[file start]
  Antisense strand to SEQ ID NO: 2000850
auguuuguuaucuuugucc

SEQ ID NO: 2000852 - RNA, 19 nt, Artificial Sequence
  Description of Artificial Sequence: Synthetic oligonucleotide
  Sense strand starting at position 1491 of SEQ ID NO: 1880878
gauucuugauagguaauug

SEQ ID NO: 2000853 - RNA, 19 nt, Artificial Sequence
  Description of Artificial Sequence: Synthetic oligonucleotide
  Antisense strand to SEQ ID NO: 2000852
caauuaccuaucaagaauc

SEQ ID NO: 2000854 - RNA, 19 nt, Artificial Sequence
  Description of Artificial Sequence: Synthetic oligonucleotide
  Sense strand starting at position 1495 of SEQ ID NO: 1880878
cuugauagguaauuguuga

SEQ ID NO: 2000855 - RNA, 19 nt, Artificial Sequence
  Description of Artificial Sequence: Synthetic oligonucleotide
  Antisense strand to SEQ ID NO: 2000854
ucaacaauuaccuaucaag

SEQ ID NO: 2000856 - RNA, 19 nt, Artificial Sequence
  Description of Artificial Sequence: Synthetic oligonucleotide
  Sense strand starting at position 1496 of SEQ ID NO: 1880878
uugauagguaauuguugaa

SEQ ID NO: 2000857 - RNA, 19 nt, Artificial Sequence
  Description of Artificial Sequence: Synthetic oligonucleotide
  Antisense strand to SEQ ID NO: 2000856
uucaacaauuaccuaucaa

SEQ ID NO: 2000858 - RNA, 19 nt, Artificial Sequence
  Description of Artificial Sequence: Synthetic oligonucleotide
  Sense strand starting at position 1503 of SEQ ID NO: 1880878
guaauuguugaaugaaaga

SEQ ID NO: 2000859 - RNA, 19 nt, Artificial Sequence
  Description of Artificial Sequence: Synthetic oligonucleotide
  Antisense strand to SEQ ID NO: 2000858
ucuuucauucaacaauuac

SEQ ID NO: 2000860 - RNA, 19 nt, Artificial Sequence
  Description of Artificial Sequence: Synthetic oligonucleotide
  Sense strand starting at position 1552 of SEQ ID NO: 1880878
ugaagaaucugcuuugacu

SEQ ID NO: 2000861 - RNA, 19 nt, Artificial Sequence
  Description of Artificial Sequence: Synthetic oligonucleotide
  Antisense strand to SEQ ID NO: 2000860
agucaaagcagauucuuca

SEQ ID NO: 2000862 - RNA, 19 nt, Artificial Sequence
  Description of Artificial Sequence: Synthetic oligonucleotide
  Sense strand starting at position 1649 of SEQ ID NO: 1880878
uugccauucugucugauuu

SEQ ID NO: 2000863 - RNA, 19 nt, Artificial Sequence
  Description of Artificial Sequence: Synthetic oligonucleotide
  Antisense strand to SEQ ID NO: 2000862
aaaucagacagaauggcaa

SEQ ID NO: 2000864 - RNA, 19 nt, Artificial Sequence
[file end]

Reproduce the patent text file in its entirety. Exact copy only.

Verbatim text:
  Antisense strand to SEQ ID NO: 2000850
auguuuguuaucuuugucc

SEQ ID NO: 2000852 - RNA, 19 nt, Artificial Sequence
  Description of Artificial Sequence: Synthetic oligonucleotide
  Sense strand starting at position 1491 of SEQ ID NO: 1880878
gauucuugauagguaauug

SEQ ID NO: 2000853 - RNA, 19 nt, Artificial Sequence
  Description of Artificial Sequence: Synthetic oligonucleotide
  Antisense strand to SEQ ID NO: 2000852
caauuaccuaucaagaauc

SEQ ID NO: 2000854 - RNA, 19 nt, Artificial Sequence
  Description of Artificial Sequence: Synthetic oligonucleotide
  Sense strand starting at position 1495 of SEQ ID NO: 1880878
cuugauagguaauuguuga

SEQ ID NO: 2000855 - RNA, 19 nt, Artificial Sequence
  Description of Artificial Sequence: Synthetic oligonucleotide
  Antisense strand to SEQ ID NO: 2000854
ucaacaauuaccuaucaag

SEQ ID NO: 2000856 - RNA, 19 nt, Artificial Sequence
  Description of Artificial Sequence: Synthetic oligonucleotide
  Sense strand starting at position 1496 of SEQ ID NO: 1880878
uugauagguaauuguugaa

SEQ ID NO: 2000857 - RNA, 19 nt, Artificial Sequence
  Description of Artificial Sequence: Synthetic oligonucleotide
  Antisense strand to SEQ ID NO: 2000856
uucaacaauuaccuaucaa

SEQ ID NO: 2000858 - RNA, 19 nt, Artificial Sequence
  Description of Artificial Sequence: Synthetic oligonucleotide
  Sense strand starting at position 1503 of SEQ ID NO: 1880878
guaauuguugaaugaaaga

SEQ ID NO: 2000859 - RNA, 19 nt, Artificial Sequence
  Description of Artificial Sequence: Synthetic oligonucleotide
  Antisense strand to SEQ ID NO: 2000858
ucuuucauucaacaauuac

SEQ ID NO: 2000860 - RNA, 19 nt, Artificial Sequence
  Description of Artificial Sequence: Synthetic oligonucleotide
  Sense strand starting at position 1552 of SEQ ID NO: 1880878
ugaagaaucugcuuugacu

SEQ ID NO: 2000861 - RNA, 19 nt, Artificial Sequence
  Description of Artificial Sequence: Synthetic oligonucleotide
  Antisense strand to SEQ ID NO: 2000860
agucaaagcagauucuuca

SEQ ID NO: 2000862 - RNA, 19 nt, Artificial Sequence
  Description of Artificial Sequence: Synthetic oligonucleotide
  Sense strand starting at position 1649 of SEQ ID NO: 1880878
uugccauucugucugauuu

SEQ ID NO: 2000863 - RNA, 19 nt, Artificial Sequence
  Description of Artificial Sequence: Synthetic oligonucleotide
  Antisense strand to SEQ ID NO: 2000862
aaaucagacagaauggcaa

SEQ ID NO: 2000864 - RNA, 19 nt, Artificial Sequence